East Asia has experienced a dramatic decrease in output growth volatility over the past 20 years. This is good news, as output growth volatility affects poor households because of coping strategies that have long-term, harmful consequences, and the overall economy through its negative impact on economic growth. This paper investigates the factors behind this long decline in volatility, and derives lessons about ways to mitigate renewed upward pressure in face of the financial crisis. The authors show that if, on the one hand, high trade openness has sustained economic growth in the past several decades, on the other hand, it has made countries more vulnerable to external fluctuations. Although less frequent terms of trade shocks and more stable growth rates of trading partners have helped to reduce volatility in the past, the same external factors are now putting renewed pressure on volatility. The way forward seems therefore to be to counterbalance the external upward pressure on volatility by improving domestic factors. Elements under domestic control that can help countries deal with high volatility include more accountable institutions, better regulated financial markets, and more stable fiscal and monetary policies.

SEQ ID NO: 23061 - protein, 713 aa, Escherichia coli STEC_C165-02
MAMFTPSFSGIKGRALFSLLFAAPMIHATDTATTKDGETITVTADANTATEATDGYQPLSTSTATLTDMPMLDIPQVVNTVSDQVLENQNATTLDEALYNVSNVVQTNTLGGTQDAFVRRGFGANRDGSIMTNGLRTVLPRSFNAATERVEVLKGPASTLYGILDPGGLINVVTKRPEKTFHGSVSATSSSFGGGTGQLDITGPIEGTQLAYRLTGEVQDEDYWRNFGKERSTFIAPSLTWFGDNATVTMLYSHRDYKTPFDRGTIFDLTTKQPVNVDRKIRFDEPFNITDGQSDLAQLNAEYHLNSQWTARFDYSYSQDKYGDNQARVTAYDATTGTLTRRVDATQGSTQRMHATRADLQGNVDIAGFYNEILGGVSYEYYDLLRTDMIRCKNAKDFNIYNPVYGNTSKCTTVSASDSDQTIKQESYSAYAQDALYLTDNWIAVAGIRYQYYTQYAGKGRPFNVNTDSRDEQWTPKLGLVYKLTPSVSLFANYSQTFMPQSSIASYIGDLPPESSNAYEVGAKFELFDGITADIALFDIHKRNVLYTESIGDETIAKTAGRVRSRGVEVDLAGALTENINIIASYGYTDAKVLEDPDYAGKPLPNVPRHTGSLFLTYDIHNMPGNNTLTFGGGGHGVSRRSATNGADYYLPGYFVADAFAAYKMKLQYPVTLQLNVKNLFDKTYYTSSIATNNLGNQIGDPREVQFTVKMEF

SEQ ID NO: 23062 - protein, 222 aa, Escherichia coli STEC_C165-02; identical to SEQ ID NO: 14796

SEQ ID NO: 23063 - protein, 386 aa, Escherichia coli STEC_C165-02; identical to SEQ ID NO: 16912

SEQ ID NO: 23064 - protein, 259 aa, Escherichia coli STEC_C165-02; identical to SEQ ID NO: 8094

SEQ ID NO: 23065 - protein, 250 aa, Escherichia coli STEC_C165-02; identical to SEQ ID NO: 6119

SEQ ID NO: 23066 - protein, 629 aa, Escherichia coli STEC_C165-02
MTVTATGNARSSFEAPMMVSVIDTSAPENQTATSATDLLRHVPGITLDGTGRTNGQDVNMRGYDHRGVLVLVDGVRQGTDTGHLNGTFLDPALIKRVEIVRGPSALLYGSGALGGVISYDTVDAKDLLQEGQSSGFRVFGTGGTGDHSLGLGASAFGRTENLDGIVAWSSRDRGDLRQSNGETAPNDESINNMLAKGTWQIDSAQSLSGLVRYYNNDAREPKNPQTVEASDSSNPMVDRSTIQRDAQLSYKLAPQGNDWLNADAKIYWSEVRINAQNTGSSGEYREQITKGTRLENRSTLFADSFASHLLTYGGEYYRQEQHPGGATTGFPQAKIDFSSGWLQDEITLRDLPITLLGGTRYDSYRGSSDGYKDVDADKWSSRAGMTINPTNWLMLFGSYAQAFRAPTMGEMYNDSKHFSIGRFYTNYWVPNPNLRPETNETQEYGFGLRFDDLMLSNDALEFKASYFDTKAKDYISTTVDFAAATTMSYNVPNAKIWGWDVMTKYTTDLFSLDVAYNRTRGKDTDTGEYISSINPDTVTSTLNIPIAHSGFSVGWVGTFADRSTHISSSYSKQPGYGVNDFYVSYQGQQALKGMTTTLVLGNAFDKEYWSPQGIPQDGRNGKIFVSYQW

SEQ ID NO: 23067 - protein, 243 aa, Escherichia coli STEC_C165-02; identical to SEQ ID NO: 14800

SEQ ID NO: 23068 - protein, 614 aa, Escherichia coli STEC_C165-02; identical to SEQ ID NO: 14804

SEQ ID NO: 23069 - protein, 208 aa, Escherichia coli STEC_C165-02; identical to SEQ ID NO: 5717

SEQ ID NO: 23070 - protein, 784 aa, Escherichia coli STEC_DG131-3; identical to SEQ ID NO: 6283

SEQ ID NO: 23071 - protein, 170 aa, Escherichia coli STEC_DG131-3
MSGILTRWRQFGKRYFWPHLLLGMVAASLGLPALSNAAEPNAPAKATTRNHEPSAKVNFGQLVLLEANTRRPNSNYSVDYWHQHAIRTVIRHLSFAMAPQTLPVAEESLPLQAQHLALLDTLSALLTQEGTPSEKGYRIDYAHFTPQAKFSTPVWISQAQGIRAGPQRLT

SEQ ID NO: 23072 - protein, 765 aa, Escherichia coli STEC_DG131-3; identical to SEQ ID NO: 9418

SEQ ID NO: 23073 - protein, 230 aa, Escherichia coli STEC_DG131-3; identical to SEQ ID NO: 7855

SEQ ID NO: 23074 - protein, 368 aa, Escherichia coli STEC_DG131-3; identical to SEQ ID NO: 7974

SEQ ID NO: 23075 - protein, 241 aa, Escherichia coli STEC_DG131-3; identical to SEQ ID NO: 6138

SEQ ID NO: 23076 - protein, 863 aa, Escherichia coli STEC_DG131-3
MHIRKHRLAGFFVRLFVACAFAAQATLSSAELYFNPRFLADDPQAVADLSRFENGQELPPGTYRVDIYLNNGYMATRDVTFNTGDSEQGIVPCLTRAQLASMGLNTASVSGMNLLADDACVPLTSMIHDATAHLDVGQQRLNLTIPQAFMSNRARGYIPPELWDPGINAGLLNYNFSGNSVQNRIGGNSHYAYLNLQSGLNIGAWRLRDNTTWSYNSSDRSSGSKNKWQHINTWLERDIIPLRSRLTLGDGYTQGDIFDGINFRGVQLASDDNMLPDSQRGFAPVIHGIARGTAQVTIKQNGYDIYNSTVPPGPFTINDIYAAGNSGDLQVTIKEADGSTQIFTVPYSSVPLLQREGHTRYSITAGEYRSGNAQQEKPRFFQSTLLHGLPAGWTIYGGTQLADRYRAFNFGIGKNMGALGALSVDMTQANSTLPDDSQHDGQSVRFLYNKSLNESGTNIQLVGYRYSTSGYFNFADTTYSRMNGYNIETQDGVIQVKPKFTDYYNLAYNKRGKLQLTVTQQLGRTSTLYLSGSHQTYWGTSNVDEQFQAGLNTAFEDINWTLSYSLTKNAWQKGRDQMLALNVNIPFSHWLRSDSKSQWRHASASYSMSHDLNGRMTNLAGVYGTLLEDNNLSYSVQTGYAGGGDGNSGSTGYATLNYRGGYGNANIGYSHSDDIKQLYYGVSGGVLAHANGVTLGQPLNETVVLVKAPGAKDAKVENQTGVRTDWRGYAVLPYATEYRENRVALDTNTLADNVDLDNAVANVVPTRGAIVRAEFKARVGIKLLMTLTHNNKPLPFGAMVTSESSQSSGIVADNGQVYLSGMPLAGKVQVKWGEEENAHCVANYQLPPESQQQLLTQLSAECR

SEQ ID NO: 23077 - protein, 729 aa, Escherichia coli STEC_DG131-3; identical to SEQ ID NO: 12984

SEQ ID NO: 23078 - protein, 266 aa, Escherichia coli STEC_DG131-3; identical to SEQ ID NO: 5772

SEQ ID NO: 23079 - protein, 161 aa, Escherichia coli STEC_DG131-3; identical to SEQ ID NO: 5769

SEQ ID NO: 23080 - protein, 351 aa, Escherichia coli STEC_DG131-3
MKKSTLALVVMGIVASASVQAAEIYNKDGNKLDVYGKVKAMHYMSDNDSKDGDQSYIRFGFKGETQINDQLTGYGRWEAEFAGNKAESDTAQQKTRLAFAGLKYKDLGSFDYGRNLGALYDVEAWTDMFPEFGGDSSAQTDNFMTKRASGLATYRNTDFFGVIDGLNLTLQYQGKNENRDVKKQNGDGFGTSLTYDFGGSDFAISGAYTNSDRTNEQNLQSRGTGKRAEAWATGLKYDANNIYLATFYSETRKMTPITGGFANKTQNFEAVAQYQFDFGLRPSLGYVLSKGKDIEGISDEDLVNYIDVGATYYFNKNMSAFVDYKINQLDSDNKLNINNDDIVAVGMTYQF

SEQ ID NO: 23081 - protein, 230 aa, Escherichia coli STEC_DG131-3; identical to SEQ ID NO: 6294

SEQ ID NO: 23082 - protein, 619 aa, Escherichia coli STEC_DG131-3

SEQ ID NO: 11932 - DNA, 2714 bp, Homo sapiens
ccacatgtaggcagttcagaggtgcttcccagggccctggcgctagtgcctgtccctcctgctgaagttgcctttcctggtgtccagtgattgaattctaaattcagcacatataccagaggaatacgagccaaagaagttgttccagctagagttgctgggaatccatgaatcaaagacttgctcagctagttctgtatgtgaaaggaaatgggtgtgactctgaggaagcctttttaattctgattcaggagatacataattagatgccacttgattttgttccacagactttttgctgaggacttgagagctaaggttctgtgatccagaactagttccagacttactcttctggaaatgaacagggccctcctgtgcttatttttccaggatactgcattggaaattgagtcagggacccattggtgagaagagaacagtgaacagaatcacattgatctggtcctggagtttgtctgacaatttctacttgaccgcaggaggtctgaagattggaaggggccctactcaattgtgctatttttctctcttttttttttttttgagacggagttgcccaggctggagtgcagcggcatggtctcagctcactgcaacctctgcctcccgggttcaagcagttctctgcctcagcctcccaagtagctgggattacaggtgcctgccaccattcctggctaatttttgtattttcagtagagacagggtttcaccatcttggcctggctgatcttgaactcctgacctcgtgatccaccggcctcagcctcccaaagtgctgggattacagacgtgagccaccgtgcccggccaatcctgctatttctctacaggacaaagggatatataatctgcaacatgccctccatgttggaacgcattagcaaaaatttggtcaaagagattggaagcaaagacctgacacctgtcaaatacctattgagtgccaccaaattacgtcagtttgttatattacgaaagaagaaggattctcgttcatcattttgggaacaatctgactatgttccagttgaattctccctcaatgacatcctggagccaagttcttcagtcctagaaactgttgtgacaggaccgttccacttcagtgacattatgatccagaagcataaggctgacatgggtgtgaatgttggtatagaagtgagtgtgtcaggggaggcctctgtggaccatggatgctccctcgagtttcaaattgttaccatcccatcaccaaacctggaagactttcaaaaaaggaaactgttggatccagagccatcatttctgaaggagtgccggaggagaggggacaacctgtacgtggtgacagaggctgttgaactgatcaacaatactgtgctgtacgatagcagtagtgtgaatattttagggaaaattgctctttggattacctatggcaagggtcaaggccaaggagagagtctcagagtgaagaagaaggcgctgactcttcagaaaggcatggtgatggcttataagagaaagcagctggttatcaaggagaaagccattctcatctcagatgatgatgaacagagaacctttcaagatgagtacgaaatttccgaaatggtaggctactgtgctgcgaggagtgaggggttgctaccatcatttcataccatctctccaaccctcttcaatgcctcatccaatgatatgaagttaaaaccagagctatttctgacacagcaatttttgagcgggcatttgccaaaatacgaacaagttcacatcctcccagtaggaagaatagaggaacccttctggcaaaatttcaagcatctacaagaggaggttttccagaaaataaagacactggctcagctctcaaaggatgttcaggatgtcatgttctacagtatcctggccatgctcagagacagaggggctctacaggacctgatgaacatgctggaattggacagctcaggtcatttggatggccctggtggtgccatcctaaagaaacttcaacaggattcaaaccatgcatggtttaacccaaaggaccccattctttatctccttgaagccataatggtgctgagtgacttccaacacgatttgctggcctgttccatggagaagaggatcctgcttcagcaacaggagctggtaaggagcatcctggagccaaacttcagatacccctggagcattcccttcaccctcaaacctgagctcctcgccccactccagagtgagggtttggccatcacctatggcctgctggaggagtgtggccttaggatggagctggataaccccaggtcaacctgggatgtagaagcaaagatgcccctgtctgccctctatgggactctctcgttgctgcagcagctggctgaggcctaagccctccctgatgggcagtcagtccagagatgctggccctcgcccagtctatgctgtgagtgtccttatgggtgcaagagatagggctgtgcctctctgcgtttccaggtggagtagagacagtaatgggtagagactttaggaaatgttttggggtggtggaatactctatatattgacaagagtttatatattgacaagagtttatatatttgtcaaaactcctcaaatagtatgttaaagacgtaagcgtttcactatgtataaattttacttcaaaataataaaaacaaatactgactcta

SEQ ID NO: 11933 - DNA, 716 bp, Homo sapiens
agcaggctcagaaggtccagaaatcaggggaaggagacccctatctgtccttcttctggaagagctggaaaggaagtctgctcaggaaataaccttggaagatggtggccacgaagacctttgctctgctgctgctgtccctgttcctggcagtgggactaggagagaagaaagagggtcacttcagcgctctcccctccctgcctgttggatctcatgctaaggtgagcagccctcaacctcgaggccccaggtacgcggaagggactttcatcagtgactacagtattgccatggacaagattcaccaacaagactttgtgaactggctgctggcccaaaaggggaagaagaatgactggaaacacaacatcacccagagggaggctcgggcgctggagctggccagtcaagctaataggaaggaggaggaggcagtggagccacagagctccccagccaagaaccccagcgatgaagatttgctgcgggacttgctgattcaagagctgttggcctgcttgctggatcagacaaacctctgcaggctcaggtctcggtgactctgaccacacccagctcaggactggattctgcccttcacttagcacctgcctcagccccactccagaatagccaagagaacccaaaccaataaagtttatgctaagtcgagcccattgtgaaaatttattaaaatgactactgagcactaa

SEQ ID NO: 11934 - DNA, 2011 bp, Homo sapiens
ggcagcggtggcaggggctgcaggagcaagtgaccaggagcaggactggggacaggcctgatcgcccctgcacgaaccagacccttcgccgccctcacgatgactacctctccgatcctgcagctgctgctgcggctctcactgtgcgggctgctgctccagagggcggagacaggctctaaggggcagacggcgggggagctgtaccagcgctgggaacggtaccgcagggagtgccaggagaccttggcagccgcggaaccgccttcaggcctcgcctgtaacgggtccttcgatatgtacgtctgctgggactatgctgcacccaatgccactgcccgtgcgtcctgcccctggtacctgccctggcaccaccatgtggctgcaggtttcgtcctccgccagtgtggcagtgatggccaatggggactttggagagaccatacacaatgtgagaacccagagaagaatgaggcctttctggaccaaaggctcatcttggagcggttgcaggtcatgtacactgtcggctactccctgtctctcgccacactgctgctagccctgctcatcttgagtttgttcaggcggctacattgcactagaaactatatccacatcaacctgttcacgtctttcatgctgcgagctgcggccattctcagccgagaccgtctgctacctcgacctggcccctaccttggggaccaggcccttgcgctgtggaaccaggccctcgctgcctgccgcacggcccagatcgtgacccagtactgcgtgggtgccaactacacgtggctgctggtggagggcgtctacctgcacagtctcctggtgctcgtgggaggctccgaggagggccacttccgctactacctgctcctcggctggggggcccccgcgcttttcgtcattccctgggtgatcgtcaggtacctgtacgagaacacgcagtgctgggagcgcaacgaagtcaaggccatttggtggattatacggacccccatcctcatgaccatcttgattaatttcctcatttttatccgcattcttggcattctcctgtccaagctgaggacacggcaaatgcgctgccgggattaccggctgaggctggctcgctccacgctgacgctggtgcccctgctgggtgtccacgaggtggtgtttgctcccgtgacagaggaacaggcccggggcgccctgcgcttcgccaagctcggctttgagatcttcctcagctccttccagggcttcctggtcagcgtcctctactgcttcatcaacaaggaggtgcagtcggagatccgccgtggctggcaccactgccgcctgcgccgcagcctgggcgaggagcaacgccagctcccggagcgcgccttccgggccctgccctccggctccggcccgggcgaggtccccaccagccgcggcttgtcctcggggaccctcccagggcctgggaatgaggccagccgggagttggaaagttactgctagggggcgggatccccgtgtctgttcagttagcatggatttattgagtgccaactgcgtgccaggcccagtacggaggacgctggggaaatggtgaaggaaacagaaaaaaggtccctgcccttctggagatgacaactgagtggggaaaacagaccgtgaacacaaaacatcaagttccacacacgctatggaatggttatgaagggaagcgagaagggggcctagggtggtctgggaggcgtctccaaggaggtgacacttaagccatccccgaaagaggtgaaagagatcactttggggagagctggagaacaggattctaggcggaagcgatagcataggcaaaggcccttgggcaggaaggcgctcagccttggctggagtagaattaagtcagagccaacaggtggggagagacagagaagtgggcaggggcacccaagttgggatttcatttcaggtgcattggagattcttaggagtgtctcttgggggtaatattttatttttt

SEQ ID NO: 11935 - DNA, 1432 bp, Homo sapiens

• Publication
    Exploring Universal Basic Income: A Guide to Navigating Concepts, Evidence, and Practices
    (Washington, DC: World Bank, 2020) Gentilini, Ugo; Grosh, Margaret; Rigolini, Jamele; Yemtsov, Ruslan; Gentilini, Ugo; Grosh, Margaret; Rigolini, Jamele; Yemtsov, Ruslan; Bastagli, Francesca; Lustig, Nora; Monsalve Montiel, Emma; Quan, Siyu; Ter-Minassian, Teresa; De Wispelaere, Jurgen; Lowe, Christina; George, Tina
    Universal basic income (UBI) is emerging as one of the most hotly debated issues in development and social protection policy. But what are the features of UBI? What is it meant to achieve? How do we know, and what don’t we know, about its performance? What does it take to implement it in practice? Drawing from global evidence, literature, and survey data, this volume provides a framework to elucidate issues and trade-offs in UBI with a view to help inform choices around its appropriateness and feasibility in different contexts. Specifically, the book examines how UBI differs from or complements other social assistance programs in terms of objectives, coverage, incidence, adequacy, incentives, effects on poverty and inequality, financing, political economy, and implementation. It also reviews past and current country experiences, surveys the full range of existing policy proposals, provides original results from micro–tax benefit simulations, and sets out a range of considerations around the analytics and practice of UBI.